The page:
Archaeologists found what they believe are the oldest remains of several species of bed bugs dating back 11000 years in Paisley Caves, southern Oregon, United States of America, thought to be among the earliest known sites of human habitation in the American West.
Newest research of 3000-year-old clay figurines excavated near Tucson, Arizona, U.S.A., states that they might have been used as fertility symbols by desert farmers.
At a site in Alaska, archaeologists discovered artefacts dated to between 1100-1300 AD. Some of them are of Asian origin, indicating presence of trade between people of both continents 700 years ago.
Palaeontologists visiting a 800-year-old stone structure, typical for Ancestral Puebloans discovered fossilised tracks of a theropod dinosaur on a rock slab used as a lintel for the door.
The Upward Sun River site in central Alaska revealed remains of hearths that served as cooking pits for people living in the area between 13200-11500 BC. Abundance of salmon remains, discovered within these features sheds new light on the diet of the Palaeolithic people, as this is the oldest evidence of cooking salmon in the New World.
Hawaiian island Oahu’s beach revealed petroglyphs created by indigenous people at least 400 years ago. The carvings were discovered by accident by tourists on the western side of the island in the area of Waianae Coast.
Researchers discovered a campsite used by prehistoric hunter-gatherers 12,300 years ago in Utah Desert (USA), when the area was a lush wetland. The site was discovered in the area of U.S. Air Force’s Utah Test and Training Range, a proving grounds in the salt flats west of Salt Lake City.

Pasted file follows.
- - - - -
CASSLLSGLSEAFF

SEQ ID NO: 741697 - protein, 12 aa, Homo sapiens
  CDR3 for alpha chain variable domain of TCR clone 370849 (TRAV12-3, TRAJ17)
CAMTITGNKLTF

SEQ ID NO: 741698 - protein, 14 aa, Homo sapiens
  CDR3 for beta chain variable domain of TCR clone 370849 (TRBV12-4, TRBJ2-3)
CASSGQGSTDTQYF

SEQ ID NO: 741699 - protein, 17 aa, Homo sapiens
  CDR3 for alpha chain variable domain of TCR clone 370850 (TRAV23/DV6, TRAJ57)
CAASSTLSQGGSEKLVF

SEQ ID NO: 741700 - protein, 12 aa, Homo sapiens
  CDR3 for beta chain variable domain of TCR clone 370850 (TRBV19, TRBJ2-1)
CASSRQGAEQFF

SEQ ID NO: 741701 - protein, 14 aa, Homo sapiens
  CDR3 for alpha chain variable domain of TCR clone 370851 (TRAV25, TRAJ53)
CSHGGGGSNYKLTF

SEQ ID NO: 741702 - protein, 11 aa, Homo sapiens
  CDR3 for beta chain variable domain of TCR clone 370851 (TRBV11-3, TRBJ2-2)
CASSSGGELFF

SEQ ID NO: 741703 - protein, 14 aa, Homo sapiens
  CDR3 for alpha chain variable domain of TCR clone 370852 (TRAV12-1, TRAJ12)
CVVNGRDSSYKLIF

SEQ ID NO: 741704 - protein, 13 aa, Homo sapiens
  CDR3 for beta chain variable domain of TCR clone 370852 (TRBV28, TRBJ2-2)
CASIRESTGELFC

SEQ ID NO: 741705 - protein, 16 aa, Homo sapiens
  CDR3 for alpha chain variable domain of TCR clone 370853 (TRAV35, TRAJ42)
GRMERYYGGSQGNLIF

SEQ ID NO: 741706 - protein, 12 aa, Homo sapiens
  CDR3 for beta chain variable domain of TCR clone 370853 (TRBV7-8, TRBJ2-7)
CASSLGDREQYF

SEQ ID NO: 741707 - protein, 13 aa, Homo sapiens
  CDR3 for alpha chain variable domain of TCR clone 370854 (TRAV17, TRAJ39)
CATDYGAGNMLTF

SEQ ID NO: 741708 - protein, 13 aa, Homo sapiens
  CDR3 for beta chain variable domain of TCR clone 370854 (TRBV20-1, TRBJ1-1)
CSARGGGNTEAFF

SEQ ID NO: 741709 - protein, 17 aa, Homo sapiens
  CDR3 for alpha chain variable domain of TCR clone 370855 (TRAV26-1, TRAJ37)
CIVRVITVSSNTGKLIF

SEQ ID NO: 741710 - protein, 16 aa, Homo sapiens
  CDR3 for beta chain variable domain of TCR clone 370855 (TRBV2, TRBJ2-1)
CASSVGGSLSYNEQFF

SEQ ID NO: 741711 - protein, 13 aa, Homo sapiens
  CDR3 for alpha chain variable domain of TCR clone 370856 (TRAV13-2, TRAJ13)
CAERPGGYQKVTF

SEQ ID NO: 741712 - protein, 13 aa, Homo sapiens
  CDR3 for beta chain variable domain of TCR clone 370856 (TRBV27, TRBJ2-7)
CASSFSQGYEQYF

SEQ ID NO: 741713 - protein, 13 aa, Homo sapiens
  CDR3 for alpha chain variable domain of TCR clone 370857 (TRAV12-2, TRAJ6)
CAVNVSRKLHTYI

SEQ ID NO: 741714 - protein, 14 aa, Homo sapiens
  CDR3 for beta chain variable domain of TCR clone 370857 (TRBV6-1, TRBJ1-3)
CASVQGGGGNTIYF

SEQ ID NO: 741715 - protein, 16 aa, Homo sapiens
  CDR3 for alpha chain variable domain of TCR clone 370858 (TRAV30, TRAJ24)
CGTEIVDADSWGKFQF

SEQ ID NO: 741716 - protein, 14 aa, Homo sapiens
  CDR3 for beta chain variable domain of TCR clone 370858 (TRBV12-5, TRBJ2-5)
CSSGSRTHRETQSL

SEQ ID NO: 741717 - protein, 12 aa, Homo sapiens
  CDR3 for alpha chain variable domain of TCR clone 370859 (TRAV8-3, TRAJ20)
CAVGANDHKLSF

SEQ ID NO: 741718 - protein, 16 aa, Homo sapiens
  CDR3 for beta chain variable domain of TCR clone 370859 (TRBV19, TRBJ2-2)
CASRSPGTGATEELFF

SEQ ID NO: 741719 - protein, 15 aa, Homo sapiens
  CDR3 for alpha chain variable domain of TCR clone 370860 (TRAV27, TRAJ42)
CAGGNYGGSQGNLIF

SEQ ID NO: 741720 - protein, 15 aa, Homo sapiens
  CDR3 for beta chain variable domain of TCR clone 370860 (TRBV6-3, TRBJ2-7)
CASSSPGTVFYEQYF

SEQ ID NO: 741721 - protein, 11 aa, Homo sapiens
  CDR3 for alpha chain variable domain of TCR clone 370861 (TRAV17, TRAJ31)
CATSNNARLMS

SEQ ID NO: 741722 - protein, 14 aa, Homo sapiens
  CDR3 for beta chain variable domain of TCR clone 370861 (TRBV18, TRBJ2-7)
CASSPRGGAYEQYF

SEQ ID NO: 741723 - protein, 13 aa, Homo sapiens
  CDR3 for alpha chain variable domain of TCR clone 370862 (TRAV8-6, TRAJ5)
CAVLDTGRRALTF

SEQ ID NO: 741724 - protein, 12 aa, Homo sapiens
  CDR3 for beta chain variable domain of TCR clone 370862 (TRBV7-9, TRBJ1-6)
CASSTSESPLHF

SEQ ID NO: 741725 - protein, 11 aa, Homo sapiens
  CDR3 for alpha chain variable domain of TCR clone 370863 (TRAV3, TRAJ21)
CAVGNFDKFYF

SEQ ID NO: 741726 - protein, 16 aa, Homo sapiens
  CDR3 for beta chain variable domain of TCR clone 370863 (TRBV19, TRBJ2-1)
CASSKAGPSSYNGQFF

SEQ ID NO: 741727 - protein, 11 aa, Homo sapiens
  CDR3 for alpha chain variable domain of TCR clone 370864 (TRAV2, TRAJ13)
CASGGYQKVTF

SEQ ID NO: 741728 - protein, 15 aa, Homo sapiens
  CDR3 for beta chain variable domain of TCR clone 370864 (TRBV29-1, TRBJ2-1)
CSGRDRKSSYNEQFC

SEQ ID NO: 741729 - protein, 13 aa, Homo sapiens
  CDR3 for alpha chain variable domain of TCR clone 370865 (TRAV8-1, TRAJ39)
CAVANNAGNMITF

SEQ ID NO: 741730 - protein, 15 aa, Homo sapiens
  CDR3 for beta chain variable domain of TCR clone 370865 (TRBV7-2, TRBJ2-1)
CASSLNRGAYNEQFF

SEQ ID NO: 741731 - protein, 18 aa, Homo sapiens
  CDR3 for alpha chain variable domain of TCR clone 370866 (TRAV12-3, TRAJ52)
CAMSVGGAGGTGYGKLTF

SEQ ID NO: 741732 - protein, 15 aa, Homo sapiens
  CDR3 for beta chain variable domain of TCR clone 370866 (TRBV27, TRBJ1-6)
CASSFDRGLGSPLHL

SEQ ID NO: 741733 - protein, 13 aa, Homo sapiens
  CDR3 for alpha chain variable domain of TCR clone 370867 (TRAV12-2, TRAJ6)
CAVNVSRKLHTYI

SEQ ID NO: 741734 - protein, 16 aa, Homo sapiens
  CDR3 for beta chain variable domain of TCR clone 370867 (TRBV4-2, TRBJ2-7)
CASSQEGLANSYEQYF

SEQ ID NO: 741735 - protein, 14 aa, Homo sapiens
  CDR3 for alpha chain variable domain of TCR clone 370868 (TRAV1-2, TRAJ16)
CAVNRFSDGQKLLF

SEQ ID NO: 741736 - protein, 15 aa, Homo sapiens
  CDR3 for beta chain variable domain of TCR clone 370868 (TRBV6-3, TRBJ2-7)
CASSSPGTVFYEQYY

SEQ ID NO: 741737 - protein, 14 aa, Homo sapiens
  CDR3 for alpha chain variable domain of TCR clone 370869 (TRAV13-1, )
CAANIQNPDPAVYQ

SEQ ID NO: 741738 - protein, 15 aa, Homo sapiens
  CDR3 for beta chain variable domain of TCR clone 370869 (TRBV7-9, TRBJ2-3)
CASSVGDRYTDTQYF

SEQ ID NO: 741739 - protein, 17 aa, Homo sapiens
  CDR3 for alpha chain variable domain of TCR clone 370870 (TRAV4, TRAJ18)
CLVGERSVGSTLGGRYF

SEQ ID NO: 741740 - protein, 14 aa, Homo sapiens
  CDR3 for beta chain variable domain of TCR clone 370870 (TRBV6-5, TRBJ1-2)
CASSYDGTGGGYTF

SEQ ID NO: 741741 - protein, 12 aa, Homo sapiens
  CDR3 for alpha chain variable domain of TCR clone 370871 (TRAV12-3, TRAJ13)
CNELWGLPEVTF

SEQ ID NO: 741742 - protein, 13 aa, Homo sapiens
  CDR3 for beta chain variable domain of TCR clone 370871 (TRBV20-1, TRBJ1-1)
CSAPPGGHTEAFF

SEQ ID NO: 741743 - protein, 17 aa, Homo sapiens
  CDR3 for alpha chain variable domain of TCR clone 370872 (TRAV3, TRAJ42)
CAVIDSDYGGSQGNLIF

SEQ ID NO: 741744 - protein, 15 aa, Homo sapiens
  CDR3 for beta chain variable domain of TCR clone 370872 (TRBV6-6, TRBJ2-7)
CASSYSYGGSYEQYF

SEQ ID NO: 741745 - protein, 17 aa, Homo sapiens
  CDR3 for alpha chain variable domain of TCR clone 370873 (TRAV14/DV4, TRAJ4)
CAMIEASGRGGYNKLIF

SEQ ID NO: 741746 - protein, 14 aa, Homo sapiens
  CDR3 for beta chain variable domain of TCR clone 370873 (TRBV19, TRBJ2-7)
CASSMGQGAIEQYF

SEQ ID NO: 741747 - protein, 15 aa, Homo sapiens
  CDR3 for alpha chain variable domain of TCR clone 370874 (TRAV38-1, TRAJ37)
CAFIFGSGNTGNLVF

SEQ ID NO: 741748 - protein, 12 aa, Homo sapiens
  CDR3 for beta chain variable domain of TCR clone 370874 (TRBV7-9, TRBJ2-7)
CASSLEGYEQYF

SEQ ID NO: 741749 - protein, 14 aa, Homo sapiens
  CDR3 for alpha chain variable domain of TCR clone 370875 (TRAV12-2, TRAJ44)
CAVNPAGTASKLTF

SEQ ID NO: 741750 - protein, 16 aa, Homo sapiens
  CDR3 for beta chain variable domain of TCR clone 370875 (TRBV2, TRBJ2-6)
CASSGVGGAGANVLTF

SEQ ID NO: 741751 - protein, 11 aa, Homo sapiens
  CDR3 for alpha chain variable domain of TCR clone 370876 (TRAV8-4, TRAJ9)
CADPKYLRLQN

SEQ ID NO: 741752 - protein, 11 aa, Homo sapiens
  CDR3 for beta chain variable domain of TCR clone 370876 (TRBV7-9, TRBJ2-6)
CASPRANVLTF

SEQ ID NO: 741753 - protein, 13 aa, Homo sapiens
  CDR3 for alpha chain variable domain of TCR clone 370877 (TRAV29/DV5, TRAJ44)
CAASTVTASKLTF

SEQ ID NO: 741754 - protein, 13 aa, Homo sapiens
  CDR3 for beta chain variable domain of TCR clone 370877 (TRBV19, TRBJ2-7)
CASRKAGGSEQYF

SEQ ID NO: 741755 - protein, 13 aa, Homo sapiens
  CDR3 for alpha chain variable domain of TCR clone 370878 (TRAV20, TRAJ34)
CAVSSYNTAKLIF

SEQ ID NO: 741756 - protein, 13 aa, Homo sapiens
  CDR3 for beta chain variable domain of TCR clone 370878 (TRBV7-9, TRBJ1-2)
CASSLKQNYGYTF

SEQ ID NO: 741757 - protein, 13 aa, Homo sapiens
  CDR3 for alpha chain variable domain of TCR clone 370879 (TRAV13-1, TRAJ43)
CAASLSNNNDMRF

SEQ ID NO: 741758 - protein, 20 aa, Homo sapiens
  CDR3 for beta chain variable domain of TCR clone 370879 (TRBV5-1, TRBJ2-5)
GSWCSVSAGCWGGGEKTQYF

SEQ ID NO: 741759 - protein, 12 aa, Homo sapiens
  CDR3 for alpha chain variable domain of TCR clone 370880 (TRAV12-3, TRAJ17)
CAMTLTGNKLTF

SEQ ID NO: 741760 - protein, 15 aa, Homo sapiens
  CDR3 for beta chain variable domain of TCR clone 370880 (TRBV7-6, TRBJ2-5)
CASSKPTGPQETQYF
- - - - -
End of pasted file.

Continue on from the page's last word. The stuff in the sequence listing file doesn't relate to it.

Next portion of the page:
Excavations of a known Gault site in Texas revealed layers of artefacts older than the previously discovered, containing traces of human occupation, dating back even 16700 years. So far over 90 stone tools were documented.
Archaeologists from the University of Oregon have found evidence of oldest human activity in coastal Southern California. Three sites scattered with ancient tool-making debris and the shells of harvested shellfish have been found on Santa Cruz Island, the largest of the Channel Islands.
Trove of previously undocumented rock art was discovered by archaeologists exploring the remote Wupatki National Monument northeast of Flagstaff in northern Arizona.
A ranch in Arizona revealed a 3,000-year-old bison kill site, featuring hundreds of bones and bone fragments, along with dozens of cobblestones and flaked and ground stone tools.
Archaeologists working in southern Nevada, 160 km North-east of Las Vegas found nearly 20 sites used by ancient hunter-gatherer societies dated back 12000 years.
Archaeologists investigating a parcel near Interstate 10 discovered probably the oldest human tracks found so far in the American Southwest.